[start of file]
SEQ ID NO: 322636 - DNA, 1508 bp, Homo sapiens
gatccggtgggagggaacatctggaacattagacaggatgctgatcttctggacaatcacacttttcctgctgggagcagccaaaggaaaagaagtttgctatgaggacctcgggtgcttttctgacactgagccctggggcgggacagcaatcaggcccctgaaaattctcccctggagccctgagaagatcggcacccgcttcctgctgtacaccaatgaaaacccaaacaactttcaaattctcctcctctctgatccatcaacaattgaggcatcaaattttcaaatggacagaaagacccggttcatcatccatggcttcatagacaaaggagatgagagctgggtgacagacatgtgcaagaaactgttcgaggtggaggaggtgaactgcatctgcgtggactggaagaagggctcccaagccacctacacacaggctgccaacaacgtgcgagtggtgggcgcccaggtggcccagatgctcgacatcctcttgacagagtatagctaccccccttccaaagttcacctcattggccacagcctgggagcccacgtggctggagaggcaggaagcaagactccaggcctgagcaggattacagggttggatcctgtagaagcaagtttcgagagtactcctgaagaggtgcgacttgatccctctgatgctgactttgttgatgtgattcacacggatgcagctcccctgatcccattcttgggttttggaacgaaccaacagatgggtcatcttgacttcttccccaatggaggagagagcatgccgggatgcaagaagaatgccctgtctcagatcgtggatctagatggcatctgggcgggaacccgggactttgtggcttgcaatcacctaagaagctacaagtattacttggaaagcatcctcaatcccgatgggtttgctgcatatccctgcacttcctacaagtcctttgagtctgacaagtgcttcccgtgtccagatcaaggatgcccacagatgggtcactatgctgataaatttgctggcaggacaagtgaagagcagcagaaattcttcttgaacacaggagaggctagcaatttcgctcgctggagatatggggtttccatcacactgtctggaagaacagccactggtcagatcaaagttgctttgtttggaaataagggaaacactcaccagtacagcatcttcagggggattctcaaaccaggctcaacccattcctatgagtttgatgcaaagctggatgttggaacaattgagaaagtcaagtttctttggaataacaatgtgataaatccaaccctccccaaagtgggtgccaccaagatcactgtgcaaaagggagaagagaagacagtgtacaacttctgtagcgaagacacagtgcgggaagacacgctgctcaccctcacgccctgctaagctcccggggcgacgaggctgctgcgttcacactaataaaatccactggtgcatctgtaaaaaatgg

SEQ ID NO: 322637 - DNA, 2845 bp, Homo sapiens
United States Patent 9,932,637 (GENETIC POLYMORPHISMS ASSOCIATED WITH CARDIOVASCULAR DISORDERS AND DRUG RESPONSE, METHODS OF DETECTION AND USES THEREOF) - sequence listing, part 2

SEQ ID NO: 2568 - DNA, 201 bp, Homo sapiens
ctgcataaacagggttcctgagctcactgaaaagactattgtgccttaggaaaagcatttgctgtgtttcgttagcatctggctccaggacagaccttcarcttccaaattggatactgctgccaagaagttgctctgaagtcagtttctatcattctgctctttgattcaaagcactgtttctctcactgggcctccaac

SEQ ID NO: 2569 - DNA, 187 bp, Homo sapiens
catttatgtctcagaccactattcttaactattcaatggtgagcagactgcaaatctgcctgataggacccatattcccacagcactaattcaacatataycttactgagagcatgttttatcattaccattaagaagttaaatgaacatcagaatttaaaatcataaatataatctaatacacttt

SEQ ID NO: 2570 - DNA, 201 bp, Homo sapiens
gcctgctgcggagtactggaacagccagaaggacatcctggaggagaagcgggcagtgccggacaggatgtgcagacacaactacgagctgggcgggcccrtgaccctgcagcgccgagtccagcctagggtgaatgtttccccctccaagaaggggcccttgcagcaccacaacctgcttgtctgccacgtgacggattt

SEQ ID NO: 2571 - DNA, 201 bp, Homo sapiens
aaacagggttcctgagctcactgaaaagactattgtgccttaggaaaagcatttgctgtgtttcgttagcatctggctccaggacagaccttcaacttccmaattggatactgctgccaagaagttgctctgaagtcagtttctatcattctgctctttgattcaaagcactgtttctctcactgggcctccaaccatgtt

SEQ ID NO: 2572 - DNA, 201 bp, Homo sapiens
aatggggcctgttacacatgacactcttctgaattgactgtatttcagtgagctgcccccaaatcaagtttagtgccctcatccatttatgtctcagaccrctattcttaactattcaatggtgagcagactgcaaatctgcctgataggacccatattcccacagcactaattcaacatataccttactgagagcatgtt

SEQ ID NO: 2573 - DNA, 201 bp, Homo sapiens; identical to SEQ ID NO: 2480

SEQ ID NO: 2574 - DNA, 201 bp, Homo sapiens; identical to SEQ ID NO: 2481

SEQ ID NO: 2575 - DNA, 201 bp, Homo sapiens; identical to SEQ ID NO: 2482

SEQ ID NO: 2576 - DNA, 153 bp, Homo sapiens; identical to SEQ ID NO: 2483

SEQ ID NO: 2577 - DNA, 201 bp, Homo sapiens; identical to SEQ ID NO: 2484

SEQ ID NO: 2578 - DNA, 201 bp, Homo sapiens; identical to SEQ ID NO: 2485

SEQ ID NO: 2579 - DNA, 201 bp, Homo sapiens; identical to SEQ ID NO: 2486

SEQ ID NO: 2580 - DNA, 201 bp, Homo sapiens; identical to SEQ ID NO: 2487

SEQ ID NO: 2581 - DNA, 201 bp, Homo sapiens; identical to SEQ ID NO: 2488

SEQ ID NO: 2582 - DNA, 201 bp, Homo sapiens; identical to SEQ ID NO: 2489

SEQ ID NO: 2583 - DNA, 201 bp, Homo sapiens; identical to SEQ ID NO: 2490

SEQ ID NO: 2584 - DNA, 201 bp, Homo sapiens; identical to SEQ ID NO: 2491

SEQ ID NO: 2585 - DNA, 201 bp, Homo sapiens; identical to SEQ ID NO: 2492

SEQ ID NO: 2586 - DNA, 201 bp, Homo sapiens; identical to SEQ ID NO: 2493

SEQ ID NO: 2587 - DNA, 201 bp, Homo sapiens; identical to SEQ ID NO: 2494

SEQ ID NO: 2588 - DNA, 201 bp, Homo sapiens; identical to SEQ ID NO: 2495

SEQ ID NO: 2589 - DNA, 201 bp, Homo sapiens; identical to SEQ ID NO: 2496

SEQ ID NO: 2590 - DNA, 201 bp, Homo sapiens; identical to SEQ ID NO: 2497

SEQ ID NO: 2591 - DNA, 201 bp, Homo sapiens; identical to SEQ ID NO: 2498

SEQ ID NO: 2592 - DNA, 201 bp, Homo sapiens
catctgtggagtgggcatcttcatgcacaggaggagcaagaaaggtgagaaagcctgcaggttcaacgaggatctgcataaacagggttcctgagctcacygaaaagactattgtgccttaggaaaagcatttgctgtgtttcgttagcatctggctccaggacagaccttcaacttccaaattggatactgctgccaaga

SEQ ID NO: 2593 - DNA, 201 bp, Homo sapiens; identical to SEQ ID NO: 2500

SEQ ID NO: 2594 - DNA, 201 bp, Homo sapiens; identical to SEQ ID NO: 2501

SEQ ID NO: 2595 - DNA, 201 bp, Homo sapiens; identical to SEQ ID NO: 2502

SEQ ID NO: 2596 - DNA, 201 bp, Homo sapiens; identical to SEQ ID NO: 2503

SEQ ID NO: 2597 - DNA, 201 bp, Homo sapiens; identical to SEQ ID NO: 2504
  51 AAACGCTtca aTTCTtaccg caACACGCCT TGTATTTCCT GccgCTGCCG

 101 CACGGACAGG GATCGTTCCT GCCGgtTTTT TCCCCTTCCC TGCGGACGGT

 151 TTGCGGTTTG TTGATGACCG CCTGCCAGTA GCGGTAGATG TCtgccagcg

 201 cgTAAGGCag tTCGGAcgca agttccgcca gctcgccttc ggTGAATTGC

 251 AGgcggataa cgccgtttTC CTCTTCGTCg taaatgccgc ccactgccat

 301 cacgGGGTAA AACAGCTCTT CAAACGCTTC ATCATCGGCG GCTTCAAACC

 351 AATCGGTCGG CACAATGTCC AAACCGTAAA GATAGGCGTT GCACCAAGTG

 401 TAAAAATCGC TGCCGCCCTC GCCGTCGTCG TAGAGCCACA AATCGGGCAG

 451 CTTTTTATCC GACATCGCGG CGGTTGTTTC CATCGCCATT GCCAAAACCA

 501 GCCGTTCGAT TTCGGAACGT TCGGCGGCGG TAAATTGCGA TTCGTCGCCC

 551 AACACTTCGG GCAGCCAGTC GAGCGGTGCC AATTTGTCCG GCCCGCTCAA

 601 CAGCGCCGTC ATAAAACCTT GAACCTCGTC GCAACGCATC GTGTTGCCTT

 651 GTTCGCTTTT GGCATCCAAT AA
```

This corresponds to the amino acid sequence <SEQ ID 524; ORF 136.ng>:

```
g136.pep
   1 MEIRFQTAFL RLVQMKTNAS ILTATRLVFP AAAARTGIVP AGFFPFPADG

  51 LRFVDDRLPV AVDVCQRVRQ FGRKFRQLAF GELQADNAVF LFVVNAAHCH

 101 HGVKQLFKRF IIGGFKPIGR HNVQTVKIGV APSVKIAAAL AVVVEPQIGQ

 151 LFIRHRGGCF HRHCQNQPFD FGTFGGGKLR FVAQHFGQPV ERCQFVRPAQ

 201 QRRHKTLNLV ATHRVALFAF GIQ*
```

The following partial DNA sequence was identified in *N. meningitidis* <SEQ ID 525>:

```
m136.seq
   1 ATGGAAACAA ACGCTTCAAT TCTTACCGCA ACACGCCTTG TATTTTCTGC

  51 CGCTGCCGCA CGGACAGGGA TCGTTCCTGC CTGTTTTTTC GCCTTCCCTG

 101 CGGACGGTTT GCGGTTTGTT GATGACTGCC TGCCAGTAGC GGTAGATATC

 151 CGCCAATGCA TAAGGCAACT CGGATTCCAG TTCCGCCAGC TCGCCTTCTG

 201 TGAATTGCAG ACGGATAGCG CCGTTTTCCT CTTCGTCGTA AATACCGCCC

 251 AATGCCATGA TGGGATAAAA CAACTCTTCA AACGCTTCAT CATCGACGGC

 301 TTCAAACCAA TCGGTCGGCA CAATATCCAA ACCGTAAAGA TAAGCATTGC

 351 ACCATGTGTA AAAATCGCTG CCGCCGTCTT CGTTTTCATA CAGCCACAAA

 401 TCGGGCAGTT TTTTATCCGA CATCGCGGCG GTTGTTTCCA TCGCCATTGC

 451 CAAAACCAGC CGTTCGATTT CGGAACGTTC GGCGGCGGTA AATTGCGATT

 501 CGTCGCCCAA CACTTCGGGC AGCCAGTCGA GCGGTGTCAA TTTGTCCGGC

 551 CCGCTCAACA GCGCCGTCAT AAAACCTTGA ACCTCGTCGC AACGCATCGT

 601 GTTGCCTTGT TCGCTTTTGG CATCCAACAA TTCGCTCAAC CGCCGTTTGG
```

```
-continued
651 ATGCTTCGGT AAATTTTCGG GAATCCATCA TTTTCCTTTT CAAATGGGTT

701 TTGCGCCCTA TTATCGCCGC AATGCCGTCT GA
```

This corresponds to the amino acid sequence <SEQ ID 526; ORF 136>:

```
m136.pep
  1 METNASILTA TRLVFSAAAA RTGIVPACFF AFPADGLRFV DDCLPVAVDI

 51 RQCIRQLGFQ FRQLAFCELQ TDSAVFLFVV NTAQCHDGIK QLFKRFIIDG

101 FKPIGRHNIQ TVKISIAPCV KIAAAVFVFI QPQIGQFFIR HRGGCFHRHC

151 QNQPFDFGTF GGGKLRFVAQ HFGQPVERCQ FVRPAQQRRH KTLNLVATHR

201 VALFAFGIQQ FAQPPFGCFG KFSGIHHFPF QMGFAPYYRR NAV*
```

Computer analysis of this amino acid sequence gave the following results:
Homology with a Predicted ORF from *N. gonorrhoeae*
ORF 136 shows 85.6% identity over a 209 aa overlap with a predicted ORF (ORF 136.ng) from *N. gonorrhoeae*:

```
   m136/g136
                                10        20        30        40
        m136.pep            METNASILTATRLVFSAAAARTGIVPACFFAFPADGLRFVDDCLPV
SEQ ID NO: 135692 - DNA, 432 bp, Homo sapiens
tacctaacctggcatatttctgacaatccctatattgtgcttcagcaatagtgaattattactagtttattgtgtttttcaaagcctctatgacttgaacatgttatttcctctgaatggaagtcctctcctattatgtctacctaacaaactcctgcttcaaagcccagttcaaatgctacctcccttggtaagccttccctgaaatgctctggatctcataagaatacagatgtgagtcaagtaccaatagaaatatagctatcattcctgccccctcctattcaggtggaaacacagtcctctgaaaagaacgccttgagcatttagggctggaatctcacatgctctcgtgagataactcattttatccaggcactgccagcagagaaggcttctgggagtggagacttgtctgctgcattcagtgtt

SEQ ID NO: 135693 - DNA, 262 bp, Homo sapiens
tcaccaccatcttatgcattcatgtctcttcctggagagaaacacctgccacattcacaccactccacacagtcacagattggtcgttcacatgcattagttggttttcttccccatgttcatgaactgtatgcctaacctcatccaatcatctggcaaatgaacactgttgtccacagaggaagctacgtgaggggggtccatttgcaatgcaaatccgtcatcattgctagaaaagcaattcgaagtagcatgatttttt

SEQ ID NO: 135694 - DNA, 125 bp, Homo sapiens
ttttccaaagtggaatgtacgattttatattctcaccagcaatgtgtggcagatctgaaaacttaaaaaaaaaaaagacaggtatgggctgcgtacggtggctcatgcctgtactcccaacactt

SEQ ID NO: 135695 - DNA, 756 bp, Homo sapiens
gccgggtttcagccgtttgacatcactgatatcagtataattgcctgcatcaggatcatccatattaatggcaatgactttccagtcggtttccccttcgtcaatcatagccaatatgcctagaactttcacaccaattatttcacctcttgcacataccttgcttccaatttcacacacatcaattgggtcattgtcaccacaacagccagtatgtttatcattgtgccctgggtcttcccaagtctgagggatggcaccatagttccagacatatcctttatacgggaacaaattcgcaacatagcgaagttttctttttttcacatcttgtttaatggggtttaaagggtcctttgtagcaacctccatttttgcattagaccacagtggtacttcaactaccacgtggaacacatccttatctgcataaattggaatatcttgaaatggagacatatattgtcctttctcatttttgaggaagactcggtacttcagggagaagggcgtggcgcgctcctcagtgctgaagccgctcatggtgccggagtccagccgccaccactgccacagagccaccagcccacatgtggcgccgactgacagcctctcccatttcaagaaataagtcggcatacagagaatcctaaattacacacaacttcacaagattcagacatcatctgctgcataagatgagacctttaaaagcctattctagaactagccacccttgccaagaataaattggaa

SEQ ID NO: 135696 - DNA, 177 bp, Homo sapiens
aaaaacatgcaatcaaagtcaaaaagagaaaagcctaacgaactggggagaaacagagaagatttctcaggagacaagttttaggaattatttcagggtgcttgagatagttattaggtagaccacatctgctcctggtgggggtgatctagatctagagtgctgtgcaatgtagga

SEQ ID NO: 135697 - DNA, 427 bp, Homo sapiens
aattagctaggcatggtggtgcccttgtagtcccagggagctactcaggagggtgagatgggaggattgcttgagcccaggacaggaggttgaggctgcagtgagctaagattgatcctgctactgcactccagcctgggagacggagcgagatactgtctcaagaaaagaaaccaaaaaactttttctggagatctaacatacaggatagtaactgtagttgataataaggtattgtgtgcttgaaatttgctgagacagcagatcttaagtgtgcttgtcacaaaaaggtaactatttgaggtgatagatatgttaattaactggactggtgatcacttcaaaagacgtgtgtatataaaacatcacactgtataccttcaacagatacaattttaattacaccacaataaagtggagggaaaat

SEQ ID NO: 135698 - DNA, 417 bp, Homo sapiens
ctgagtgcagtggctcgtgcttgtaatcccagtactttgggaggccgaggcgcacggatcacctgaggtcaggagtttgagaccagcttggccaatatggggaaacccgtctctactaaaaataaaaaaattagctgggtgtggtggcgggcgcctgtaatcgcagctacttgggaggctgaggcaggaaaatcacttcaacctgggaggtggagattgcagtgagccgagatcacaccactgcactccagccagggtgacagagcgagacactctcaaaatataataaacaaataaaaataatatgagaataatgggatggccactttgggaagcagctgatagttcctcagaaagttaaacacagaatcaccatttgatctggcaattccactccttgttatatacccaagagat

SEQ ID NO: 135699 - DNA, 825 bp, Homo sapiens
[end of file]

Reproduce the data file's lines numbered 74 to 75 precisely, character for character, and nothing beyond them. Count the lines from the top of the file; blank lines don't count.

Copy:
 351 ACCATGTGTA AAAATCGCTG CCGCCGTCTT CGTTTTCATA CAGCCACAAA

 401 TCGGGCAGTT TTTTATCCGA CATCGCGGCG GTTGTTTCCA TCGCCATTGC